Re: SUMMARY: Has anyone used CERAM's TurboSwap board?

From: Bill Miller (bmiller@Ceram.COM)
Date: Fri Jan 22 1993 - 09:18:40 CST

(I attempted to post this earlier. I'm not sure it got out as there
was a mail error returned. So if it appears more than once - I'm
sorry for your having to delete it twice!)

I am an employee of CERAM, the manufacture of the TurboSwap product.
I thought it best that we clarify some points made in this SUMMARY so
that all interested readers would have a complete picture. I hope this
doesn't come across as a sales pitch - just more complete (and of course
totally unbiased) information.
First off - Thanks to all participants. The discussion
here helps to clear up some misconceptions about TurboSwap.

Further Information:

1. TurboSwap is not intended to be a cheaper alternative to adding a
few memory SIMMs. It is intended to give users who work with very large
in memory data sets a way to run on machines that won't hold enough memory.
It makes the most sense for in memory data set size requirements above 128M
on most machines - above 64M on some. These are the break points where
further memory expansion is either impossible, more expensive than TurboSwap,
or creates system performance problems due to MMU design limitations.
TurboSwap is not better/cheaper than adding memory in every case - but it
clearly is in some cases.
(If you don't know how large your in memory data set size is, run
pstat -T|grep swap , the numerator of the displayed fraction is the size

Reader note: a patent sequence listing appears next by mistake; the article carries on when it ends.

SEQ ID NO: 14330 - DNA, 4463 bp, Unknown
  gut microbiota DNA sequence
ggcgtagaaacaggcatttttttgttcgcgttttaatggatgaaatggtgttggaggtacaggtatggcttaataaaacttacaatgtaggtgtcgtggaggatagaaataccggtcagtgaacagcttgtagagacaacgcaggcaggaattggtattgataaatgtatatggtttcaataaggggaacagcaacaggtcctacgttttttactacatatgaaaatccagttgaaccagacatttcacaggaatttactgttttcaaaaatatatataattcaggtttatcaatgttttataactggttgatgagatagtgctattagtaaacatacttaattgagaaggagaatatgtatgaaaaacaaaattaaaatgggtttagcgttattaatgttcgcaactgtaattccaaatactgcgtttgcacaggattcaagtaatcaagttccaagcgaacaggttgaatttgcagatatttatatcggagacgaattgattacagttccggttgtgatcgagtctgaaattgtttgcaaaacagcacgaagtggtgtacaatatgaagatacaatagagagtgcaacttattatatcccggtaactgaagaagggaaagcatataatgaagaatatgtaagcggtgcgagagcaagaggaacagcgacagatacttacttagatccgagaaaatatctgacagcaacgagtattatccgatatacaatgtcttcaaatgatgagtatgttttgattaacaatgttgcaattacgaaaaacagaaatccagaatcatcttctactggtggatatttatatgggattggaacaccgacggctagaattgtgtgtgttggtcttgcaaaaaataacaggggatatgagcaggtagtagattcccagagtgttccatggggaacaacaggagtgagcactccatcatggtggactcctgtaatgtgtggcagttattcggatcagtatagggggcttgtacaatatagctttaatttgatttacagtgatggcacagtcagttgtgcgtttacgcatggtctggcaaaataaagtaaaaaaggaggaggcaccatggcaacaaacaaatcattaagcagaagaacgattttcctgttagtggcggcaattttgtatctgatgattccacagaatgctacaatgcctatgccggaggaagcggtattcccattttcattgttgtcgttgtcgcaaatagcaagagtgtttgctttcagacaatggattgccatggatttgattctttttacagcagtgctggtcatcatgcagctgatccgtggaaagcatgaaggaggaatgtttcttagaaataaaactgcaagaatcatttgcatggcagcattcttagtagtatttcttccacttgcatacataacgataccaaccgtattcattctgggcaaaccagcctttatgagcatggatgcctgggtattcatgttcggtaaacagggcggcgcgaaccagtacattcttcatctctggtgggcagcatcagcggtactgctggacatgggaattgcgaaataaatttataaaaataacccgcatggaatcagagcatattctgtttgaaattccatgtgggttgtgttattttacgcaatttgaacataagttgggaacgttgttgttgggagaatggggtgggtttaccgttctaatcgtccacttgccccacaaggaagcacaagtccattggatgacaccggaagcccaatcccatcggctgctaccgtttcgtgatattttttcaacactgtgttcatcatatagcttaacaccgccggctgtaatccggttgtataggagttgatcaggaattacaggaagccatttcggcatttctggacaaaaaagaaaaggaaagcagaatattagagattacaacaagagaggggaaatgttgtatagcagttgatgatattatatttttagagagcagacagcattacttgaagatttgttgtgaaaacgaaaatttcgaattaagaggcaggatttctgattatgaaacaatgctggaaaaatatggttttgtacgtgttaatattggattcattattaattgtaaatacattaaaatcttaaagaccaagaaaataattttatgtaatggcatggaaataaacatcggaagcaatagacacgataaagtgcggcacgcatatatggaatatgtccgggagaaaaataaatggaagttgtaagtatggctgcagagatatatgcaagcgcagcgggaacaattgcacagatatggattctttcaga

of your in memory data set at the moment you executed the commnad -
you can also mail to for a utility that will monitor
this for you)
2. TurboSwap will allow you to put up to 960MB fast swap on any SBus
machine. Therefore, you might be able to use an IPX or an LX to run
something that would have otherwise required an SS10 or 600MP to hold
sufficient memory. When you compare the cost of the hole package, TurboSwap
starts to look realy cheap! And its fully expandable up to 960MB from any
starting point in the product line.
3. TurboSwap might be a better long term value if you expect your memory
requirements to grow. If you fill your machine up with SIMMs and then need
more memory what will you do?
    A. Throw out your SIMMs and buy higher density SIMMs?
    B. Run your app on a more expensive box that hold more memory?
        C. Suffer with swap disk performance?

    If you add TurboSwap instead of SIMMs you guarantee that you'll have
room to grow.

4. The same TurboSwap cards work on SS1, SS1+, IPC, SS2, IPX, SS10, LC, LX
600MP, SC2000. Almost all of these require different memory SIMMs - a costly
problem for transitions/upgrades.
        If you want some straight forward - not sales type - answers about TurboSwap
you can mail to for auto reply of Q&A about the product.

Bill Miller

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